Here are two famous quotes I’ve admired that have to do with overcoming our fears, believing in ourselves, and having the courage to commit to our dreams, which then moves Nature to support us in ways we never would have imagined. They seem to be related in an important way — having the confidence and courage to commit to ourselves and fulfill our life’s purpose.
The first quote, having the courage to overcome our fears to become our true self, is from Marianne Williamson’s book, A Return To Love. It’s often been mistakenly attributed to Nelson Mandela, who used it in his 1994 Inaugural Speech.
Our deepest fear is not that we are inadequate. Our deepest fear is that we are powerful beyond measure. It is our light, not our darkness that most frightens us. We ask ourselves, “Who am I to be brilliant, gorgeous, talented, and fabulous?” Actually who are you not to be?
YOU ARE A CHILD OF GOD. Your playing small does not serve the world. There is nothing enlightened about shrinking so that other people won’t feel insecure around you. We were born to manifest the glory that is within us. And as we let our light shine we unconsciously give other people permission to do the same. As we are liberated from our own fear, our presence automatically liberates others.
This second quote, on commitment, was thought to have been written by Goethe, but it is from William H. Murray, author of The Scottish Himalayan Expedition (J.M. Dent & Sons Ltd, London, 1951).
Until one is committed, there is hesitancy, the chance to draw back. Concerning all acts of initiative (and creation), there is one elementary truth, the ignorance of which kills countless ideas and splendid plans: that the moment one definitely commits oneself, then Providence moves too. All sorts of things occur to help one that would never otherwise have occurred. A whole stream of events issues from the decision, raising in one’s favor all manner of unforeseen incidents and meetings and material assistance, which no man could have dreamed would have come his way. Whatever you can do, or dream you can do, begin it. Boldness has genius, power, and magic in it. Begin it now.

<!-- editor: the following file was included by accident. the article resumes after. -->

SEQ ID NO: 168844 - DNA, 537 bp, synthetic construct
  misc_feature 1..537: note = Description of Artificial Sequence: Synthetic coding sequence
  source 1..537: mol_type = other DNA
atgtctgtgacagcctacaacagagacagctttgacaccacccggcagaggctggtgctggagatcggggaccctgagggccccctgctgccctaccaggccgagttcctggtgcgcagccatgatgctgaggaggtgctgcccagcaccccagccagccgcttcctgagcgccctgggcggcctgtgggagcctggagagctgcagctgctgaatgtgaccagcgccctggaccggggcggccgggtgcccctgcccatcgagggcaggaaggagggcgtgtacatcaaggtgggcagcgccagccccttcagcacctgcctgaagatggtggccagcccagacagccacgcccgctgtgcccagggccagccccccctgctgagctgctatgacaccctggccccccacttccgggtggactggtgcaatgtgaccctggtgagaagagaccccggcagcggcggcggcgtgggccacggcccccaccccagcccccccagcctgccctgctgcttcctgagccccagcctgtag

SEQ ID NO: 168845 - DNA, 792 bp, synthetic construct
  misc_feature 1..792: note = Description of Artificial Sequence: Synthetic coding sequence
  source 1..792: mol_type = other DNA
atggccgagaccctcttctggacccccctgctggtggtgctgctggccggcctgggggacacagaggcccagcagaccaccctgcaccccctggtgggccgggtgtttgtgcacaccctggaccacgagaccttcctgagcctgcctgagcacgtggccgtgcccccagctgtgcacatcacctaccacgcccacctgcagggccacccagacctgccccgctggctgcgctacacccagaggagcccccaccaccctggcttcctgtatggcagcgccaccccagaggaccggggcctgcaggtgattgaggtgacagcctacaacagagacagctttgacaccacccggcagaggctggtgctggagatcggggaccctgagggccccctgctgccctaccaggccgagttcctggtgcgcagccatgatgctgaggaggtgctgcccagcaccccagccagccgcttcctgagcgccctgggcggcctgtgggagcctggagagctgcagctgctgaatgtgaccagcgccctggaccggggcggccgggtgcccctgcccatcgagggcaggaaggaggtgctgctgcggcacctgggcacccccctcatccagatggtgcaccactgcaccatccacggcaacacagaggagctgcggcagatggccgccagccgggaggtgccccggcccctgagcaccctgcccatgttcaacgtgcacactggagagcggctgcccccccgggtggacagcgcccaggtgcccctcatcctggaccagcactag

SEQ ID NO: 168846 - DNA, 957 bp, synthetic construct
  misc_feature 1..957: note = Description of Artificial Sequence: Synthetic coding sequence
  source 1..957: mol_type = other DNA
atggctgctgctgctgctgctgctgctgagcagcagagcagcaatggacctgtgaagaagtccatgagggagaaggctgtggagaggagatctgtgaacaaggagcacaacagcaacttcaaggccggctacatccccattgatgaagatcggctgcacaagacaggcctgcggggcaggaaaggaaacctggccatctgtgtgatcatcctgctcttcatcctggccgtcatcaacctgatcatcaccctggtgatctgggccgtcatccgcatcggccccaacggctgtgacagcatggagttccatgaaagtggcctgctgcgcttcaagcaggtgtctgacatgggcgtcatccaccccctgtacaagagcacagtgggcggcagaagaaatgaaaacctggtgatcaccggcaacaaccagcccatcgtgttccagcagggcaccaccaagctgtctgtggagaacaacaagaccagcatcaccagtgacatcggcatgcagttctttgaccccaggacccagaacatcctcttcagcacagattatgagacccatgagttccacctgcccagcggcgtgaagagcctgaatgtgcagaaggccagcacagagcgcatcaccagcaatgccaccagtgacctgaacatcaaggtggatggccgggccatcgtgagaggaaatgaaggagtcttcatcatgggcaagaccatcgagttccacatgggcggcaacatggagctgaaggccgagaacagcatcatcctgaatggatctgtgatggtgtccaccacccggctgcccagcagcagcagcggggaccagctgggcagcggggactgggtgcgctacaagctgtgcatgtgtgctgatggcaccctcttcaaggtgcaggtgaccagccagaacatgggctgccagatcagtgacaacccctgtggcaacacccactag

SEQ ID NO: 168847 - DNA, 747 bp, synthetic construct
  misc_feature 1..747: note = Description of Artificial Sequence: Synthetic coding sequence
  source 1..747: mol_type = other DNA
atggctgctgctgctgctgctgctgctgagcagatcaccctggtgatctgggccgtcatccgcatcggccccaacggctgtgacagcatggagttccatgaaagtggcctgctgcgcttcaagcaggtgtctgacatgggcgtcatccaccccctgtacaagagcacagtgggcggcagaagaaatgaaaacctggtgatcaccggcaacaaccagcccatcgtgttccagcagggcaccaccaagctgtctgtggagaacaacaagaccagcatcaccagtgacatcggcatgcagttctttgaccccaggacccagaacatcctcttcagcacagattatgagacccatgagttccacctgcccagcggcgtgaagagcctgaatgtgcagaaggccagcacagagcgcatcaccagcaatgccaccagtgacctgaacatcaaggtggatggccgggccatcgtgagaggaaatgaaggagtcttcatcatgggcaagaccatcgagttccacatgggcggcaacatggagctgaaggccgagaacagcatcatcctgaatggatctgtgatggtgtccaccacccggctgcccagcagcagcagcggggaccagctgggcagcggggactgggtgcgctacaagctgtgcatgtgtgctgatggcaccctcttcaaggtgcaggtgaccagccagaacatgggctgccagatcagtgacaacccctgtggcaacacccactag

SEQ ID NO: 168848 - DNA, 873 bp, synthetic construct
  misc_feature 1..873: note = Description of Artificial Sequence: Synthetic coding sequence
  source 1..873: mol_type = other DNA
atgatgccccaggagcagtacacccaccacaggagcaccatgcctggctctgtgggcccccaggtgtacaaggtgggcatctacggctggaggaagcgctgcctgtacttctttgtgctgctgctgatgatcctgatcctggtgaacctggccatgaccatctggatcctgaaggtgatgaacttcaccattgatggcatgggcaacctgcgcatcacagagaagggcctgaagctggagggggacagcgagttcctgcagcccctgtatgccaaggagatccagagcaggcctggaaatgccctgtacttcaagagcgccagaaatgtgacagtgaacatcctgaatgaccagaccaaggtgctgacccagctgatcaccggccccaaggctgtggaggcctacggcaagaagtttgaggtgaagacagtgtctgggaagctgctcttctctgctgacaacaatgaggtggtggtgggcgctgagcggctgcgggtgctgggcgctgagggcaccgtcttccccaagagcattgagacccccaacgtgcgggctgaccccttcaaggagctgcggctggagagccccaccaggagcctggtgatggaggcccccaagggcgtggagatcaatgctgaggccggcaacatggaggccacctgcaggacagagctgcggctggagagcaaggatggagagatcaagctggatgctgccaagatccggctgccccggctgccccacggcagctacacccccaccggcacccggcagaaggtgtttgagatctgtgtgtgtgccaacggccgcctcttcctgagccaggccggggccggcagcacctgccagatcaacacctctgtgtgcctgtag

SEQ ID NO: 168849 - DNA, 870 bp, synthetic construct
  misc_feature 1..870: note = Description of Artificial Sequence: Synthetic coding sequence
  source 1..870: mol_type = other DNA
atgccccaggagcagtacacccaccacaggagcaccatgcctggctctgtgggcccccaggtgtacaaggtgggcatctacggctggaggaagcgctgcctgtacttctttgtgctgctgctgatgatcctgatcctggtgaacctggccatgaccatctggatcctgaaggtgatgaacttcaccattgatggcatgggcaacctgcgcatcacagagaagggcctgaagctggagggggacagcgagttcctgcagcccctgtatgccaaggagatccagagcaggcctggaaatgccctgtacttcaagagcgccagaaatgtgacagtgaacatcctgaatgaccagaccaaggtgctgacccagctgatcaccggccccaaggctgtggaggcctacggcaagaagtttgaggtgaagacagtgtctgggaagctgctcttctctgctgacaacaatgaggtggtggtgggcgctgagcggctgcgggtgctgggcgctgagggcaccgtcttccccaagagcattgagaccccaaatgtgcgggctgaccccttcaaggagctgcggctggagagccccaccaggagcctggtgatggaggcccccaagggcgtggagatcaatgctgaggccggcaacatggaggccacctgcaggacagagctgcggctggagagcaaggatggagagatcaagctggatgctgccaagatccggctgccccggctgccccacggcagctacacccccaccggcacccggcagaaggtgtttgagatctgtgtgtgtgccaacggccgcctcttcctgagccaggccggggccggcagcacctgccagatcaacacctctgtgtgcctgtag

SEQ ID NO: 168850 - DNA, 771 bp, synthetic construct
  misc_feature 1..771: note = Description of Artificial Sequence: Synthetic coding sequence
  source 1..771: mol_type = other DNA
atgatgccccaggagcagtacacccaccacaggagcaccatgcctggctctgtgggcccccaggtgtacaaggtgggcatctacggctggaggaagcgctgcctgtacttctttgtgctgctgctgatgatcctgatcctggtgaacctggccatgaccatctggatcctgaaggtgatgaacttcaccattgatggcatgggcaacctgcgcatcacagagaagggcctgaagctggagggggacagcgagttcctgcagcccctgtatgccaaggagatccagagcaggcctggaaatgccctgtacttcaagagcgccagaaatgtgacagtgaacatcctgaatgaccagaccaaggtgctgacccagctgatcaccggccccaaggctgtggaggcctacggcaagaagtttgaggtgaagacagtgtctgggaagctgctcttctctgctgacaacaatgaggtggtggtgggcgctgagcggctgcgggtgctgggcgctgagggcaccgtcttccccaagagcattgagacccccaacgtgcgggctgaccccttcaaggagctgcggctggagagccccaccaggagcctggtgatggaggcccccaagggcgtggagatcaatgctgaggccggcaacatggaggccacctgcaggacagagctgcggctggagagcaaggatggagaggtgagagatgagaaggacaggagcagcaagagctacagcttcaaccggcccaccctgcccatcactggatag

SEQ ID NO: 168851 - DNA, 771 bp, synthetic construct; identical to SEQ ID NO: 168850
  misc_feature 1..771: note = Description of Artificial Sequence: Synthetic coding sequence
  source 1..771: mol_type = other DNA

W. H. Murray’s book details the first Scottish expedition in 1950 to the Kumaon range in the Himalayas, between Tibet and western Nepal. The expedition, led by Murray, attempted nine mountains and climbed five, in over 450 miles of mountainous travel. You can read more about this on About.com: German Myth 12: The Famous “Goethe” Quotation.
I just came across a similar post by Joseph Ranseth: 3 of the Greatest Quotes – W.H. Murray, Henry David Thoreau & Marianne Williamson. Ranseth cites the more complete Murray quote in context, where he describes the initial steps he and his party were taking before they actually started the mountain-climbing part of the expedition. Their commitment and follow-through precipitated Providence moving in their favor, which explains how he came to write about the power of commitment and its results. Murray also acknowledged and paraphrased a translation of Goethe’s couplet at the end of his quote.
The article also includes a selection from Thoreau’s Walden, Chapter 18. He also went in the direction of fulfilling his dreams when he chose to live self-sufficiently at Walden Pond. He described his opening up to deeper more universal laws of nature during his two-year seclusion and how that impacted his life. The quote ends with these famous lines: “If you have built castles in the air, your work need not be lost; that is where they should be. Now put the foundations under them.” But what proceeds them is quite profound. I recommend you read that section of the blog post.
Marianne Williamson’s quote reminds me of Jim Carrey’s Commencement Speech he gave at MUM this year where he told students they will only have two choices in life — love or fear. He said, “Choose love, and don’t ever let fear turn you against your playful heart.”
Tags: A Return To Love, being bold, climbing Everest, commitment, courage, famous quotes, fulfilling desires, fulfilling dreams, Goethe, Henry David Thoreau, Jim Carrey, Joseph Ranseth, Literature, Maharishi University of Management, Marianne Williamson, MUM, Nelson Mandela, overcoming our fears, providence, quotations, support of nature, The Scottish Himalayan Expedition, W.H. Murray, Walden, Walden Pond, William H. Murray